After an introduction to CFD trading, getting to know what CFD trading on the main forex pairs and indices is, follows. But first, what is a forex pair, how does it work and what is an index?
What is a forex pair?
Forex is nothing more than the exchange of foreign currencies (hence the name: forex). When we go on a trip to a place where our country’s currency is not used, we have to exchange our currency for the destination country’s currency. For example, if we live in the USA and we go on holiday to Spain, we will have to exchange US dollars (USD) for euros (EUR). So, the question is, how many euros can I purchase with 1 dollar? The answer will depend on the exchange rate at the time.
Forex trading involves speculating on the prices of two currencies. The currency that appears first is the base currency (value 1) and the second one is the quote currency. Following the example of the US and Spain, dollar/euro, the dollar would be the base currency and the euro the quote currency. In forex trading, the question would be how many euros do we need to purchase one dollar? In this case, the answer is the same, it depends on the exchange rate at the time. Therefore, when trading CFDs on forex, traders speculate on the price change of one currency over another. And, of course, this kind of trading allows traders to open both long and short positions.
What are the main Forex pairs?
Forex pairs can be classified into three main groups: major, minor, and exotic currency pairs.
Major forex pairs are those that contain the US dollar as either the base or the quoted currency. This group is one of the most traded in the market. The major forex pairs include Euro/Dollar (EUR/USD), Dollar/Japanese Yen (USD/JPY), Pound Sterling/Dollar (GBP/USD), Dollar/Swiss Franc (USD/CHF), Dollar/Canadian Dollar (USD/CAD), Australian Dollar/Dollar (AUD/EUR) and New Zealand Dollar/Dollar (NZD/USD).
Fun Fact: Many major currencies have got nicknames. The pound sterling (GBP) is called the Cable, the Canadian dollar (CAD) Loonie, the New Zealand dollar (NZD) Kiwi, and the US dollar (USD) Buck.
Minor pairs or crosses are those formed by the major pairs excluding the US dollar. This includes all possible crosses with the Euro (EUR), Pound Sterling (GBP), Australian Dollar (AUD), New Zealand Dollar (NZD), Canadian Dollar (CAD), and Swiss Franc (CHF), as well as their crosses with the Japanese Yen (JPY). Here are some examples: EUR/GBP, EUR/AUD, EUR/NZD, EUR/JPY, EUR/CAD, EURO/CHF, GBP/CHF etc.
The last group, includes the exotic pairs. These are the currencies of emerging economies or weaker currencies. Some examples include the euro/Turkish lira (EUR/TRY), US dollar/South African rand (USD/ZAR), US dollar/Colombian peso (USD/COP), the Polish zloty, or the Hungarian franc, etc.
Most novice forex traders usually start with the major pairs. The bid and ask price offered by this group is usually very close and their liquidity in the market is higher due to the stability of the economies they represent. As more experience is gained, the range of trading is extended to the minor pairs, and finally to the exotics. The latter group is highly volatile due to the instability of the economies they represent and the currencies’ low liquidity.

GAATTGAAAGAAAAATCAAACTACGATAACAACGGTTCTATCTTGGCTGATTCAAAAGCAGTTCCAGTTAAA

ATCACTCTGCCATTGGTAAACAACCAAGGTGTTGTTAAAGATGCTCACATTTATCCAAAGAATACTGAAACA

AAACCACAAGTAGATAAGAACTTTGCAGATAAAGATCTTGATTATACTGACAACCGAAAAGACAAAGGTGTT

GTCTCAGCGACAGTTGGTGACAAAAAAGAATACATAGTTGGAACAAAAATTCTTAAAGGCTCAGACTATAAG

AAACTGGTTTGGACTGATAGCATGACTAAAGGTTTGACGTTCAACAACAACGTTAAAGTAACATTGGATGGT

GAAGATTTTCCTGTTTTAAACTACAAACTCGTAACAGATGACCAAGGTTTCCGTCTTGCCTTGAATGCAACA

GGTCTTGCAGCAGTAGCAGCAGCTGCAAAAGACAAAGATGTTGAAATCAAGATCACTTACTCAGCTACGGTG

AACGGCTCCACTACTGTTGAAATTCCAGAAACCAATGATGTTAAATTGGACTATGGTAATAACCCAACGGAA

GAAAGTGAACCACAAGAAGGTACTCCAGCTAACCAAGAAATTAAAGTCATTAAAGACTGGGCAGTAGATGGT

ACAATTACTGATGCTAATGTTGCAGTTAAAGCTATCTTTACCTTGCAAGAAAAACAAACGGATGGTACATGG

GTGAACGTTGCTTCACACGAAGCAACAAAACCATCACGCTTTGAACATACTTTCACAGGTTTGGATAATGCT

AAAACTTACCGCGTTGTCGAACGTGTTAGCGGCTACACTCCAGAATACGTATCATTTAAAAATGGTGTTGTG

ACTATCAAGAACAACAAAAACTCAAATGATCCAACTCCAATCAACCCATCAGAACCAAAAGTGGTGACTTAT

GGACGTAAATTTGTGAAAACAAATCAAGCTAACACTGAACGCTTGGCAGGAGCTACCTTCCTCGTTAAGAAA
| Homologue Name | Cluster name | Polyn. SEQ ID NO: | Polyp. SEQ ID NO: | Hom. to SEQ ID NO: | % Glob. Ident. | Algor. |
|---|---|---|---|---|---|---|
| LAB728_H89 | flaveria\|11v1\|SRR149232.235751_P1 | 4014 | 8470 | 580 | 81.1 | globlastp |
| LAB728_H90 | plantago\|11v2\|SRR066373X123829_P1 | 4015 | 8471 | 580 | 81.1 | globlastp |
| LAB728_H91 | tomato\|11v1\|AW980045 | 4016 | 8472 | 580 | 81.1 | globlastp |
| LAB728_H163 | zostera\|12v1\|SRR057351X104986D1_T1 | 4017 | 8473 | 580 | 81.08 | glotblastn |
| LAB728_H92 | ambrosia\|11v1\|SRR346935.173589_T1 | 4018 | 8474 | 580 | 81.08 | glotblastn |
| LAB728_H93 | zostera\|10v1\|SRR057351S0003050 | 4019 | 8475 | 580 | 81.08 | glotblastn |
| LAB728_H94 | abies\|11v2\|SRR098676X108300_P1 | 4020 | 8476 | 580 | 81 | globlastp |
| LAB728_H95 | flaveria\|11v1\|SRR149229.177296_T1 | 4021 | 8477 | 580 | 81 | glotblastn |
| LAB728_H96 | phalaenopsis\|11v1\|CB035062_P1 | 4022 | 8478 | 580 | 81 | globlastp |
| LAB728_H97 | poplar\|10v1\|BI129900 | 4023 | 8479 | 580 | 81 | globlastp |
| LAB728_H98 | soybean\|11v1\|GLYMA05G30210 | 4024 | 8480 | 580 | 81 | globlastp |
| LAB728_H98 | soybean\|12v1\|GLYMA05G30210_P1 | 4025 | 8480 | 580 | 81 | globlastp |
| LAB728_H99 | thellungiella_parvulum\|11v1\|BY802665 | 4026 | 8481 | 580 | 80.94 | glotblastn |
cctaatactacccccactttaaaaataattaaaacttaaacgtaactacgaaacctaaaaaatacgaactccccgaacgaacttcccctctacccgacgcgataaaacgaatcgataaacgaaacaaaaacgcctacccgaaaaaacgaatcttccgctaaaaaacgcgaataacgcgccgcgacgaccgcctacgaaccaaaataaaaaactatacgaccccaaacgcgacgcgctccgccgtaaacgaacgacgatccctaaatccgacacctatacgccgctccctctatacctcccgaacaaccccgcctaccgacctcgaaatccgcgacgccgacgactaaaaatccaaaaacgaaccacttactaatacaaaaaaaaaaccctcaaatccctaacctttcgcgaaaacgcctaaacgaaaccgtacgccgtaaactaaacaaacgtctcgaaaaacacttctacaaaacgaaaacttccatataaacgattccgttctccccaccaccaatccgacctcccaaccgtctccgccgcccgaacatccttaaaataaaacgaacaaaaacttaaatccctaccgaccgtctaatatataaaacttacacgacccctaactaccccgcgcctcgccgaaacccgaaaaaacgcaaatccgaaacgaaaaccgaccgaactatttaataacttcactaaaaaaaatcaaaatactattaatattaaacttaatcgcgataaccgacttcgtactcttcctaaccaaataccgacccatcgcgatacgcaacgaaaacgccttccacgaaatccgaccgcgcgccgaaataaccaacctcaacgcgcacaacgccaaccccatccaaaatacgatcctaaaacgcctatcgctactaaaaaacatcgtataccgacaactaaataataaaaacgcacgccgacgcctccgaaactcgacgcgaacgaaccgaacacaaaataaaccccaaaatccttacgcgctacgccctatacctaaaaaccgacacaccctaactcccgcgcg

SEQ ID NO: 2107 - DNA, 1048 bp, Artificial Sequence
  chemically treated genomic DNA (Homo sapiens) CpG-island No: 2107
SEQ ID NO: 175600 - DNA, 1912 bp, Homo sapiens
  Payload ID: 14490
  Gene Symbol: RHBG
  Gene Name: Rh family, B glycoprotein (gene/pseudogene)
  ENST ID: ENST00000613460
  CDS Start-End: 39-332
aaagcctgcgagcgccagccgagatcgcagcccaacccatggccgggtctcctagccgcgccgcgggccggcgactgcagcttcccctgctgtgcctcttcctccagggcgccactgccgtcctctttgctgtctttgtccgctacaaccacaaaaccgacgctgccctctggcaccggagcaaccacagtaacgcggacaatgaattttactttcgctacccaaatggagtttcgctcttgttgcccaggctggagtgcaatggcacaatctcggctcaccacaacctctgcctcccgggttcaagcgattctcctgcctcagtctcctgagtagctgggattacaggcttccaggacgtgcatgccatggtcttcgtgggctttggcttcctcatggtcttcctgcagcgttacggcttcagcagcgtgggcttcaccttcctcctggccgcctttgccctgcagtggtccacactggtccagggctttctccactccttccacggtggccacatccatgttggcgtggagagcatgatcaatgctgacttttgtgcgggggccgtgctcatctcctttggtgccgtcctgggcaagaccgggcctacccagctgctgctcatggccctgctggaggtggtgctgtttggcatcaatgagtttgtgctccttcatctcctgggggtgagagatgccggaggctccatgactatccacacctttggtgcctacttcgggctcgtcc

The most prominent indices
Some of the most preferred assets for CFD trading – are indices. Indices are economic indicators that represent the value of the shares of the companies that make up the index.
The indices can be made up by technology companies such as the Nasdaq (UT100) or the most important companies of a country listed on the stock exchange such as the SP&500 (US500) in the USA, the Ibex35 (ES35) in Spain, the Nikkei (JP225) in Japan, the German Dax (DE30), the France40 (FRA40) in France or the HSI (HK50) in China. An index can also be made of the most important companies listed on a country’s stock exchange, as is the case with the Dow Jones (US30).
In short, indices measure the economic activity of a country, a sector of industry, or a group of companies within a single stock market. The main indices’ group includes the indices that are connected to large world economies.
How to trade indices
The main indices are those of world economies such as the ones mentioned above. The value represented by the index is a weighted average of the price of the shares it represents. The price of the companies they represent is determined by the economic decisions taken by each of the corporations that make up the index, as well as the political decisions of the country and the socio-economic situation of the population.
Therefore, when trading an index, the sector of the index must be taken into account. If it is technology, for example, you have to take into account the regulation of the sector, the economic movements of the companies that make up the index – capital increases, the launch of other products, mergers, acquisitions, publication of quarterly results, forecasts, etc. -, the political decisions regarding the index, and finally, the socio-economic situation of the population. Continuing with the same example, the COVID19 pandemic, with global confinements, has favored technology companies because many have increased their consumption of streaming platforms and online shopping. These circumstances led Nasdaq to perform well especially at the end of 2020.
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